My dad, Anthony Johansen, would have been 90 this month and I would probably be in the process of preparing to fly to Ottawa for his birthday party. I went to both his 75th and 80th birthdays and they were joyously life-affirming, cementing, finally, a somewhat tortuous lifelong father and son relationship. As experiences go, they were better than the one that followed his 80th birthday when I once more flew again, two years later, to Canada for his funeral.
The history can wait for another day but most of it revolved around how far apart we lived. For most of my life, my dad lived in Canada or was at sea in the merchant navy. I have literally no memory of the years he lived with my mum and me back in the 1960s.
My dad’s 75th birthday in 2004 was one of the turning points of my life. Of course, we were joined by blood, but absences, especially long absences, affect relationships. And whilst he made consistent efforts to stay in contact, I did not. In fact, for many years, I turned my back on some members of my family, perhaps somehow trying to bury the pain of how miserable I was growing up out of a dysfunctional relationship between my parents and going into the world of education and later work without the requisite tools for success. And this played on my mind for years.
It is pointless, I suppose, wishing things had turned out differently. Where I largely failed in the world of work, my dad was an unconditional success. Indeed, he went to McGill University, Montreal as a mature student, gaining him a degree which propelled him to high office, working for prime minister Pierre Trudeau. I had one O level. What I could have learned from him – and I turned him away (even though this was relatively easy since we lived an ocean apart).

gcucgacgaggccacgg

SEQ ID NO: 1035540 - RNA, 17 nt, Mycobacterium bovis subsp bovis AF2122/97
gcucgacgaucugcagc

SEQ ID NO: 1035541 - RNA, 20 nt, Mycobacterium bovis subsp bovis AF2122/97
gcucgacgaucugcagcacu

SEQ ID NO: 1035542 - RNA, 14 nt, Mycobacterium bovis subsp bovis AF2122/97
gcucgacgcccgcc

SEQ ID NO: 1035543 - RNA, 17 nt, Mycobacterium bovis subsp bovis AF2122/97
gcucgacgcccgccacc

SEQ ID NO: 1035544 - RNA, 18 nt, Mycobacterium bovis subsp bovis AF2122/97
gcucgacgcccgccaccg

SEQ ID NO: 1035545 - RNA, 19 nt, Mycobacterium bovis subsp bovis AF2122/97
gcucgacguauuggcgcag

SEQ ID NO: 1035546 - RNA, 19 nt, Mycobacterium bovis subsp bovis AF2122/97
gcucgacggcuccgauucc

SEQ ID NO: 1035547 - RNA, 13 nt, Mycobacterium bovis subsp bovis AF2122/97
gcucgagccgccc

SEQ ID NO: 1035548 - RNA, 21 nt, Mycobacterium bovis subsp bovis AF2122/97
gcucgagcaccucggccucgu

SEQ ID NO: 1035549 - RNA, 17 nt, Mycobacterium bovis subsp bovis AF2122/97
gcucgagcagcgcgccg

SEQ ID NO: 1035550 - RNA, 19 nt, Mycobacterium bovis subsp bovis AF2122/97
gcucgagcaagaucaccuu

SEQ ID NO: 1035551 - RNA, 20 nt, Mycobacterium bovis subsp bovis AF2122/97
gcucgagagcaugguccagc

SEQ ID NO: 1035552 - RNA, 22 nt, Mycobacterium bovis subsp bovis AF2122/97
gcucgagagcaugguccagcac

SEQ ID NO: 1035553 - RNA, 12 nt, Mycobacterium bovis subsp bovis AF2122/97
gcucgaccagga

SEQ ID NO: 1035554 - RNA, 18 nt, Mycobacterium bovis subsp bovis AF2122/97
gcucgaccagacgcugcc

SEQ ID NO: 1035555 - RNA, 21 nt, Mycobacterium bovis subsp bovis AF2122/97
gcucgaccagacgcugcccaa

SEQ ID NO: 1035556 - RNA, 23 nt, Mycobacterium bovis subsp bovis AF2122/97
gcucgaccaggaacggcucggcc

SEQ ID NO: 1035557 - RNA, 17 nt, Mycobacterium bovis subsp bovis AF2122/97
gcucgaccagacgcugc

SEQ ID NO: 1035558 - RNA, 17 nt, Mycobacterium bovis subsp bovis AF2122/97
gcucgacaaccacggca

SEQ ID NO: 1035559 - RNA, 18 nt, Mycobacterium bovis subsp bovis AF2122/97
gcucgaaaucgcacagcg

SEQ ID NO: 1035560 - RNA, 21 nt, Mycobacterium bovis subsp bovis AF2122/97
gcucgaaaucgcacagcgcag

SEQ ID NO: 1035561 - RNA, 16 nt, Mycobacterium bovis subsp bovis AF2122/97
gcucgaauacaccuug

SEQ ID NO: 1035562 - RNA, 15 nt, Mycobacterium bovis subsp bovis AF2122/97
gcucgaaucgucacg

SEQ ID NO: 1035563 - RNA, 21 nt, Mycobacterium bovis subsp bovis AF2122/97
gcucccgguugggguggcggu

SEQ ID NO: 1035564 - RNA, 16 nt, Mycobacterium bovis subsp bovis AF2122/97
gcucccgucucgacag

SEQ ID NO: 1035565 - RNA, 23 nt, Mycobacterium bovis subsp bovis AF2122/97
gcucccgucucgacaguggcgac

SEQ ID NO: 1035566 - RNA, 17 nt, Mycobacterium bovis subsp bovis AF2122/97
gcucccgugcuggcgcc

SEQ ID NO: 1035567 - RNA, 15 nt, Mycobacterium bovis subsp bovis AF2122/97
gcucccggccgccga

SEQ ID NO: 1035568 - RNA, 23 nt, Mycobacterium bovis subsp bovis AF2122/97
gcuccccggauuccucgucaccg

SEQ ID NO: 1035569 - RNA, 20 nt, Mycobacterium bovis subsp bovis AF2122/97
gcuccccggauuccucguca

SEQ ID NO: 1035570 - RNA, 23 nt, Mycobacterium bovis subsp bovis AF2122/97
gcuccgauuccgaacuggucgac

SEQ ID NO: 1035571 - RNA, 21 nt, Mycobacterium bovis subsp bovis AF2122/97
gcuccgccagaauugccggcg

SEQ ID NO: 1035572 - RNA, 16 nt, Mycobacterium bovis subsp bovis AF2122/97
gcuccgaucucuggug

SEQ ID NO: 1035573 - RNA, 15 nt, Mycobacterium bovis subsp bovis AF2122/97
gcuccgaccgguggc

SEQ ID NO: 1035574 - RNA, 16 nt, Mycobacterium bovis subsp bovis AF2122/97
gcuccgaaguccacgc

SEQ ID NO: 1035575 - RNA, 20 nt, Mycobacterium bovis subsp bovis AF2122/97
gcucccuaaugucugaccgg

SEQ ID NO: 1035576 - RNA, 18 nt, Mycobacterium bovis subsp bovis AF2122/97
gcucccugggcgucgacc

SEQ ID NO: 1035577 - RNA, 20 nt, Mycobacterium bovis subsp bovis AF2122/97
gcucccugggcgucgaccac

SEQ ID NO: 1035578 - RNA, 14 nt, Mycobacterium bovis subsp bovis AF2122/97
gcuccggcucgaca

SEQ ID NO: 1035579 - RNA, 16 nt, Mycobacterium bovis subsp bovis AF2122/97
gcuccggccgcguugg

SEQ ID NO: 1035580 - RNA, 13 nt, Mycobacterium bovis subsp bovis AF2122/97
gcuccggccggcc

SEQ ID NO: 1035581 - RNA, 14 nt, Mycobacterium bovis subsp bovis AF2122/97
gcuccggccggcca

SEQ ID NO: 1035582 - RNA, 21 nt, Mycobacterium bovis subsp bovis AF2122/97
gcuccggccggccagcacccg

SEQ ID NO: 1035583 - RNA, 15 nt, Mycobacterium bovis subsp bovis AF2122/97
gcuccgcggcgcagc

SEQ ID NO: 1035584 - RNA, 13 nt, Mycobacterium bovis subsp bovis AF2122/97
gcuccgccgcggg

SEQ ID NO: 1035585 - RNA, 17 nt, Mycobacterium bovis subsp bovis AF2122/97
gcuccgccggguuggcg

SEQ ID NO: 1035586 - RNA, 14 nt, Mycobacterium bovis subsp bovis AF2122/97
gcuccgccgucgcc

Finally, getting close to my dad was a revelation. I was so happy and so lucky and later, it has to be said, so sad at what I had missed for most of my life. The joy I felt had to measured against the depression I felt at my loss. Then, when I lost my dad in 2011, the loss was unbearable. So was the guilt.
Oh, how I wish my dad was here today, to advise me on those big decisions in life, to tell me if I was good at anything because no one did when I was a child or, for that matter, since. I grew up living down to my low limitations and expectations. I have never gotten over it.
I can still remember our last afternoon together back in May 2009. I joined him in the living room where he was playing George Harrison’s All Things Must Pass on vinyl and I remembered how much he loved from the last time he’s played in my company, which was in St John, New Brunswick back in 1975 when I was a slip of a boy. A lifetime blew past me in a heartbeat. We hugged, shook hands and my step mother drove me to the airport for the flight back to England. I never saw him again.
“Never worry about the things in life that you can’t affect,” he always said. But I always have and I always will. And I worry, more than anything, about the years without my dad, and other assorted relatives, who I turned my back on, quite possibly because of – here we go again – mental illness. I’ll worry about those years and I’ll always regret them.
“You don’t know what you’ve got ’til it’s gone”, sang Joni Mitchell in her Big Yellow Taxi. Rarely have more meaningful and profound lyrics been written. That’s how I feel about my dad and today, as I continue to bump along the bottom, I think it’s how I always will.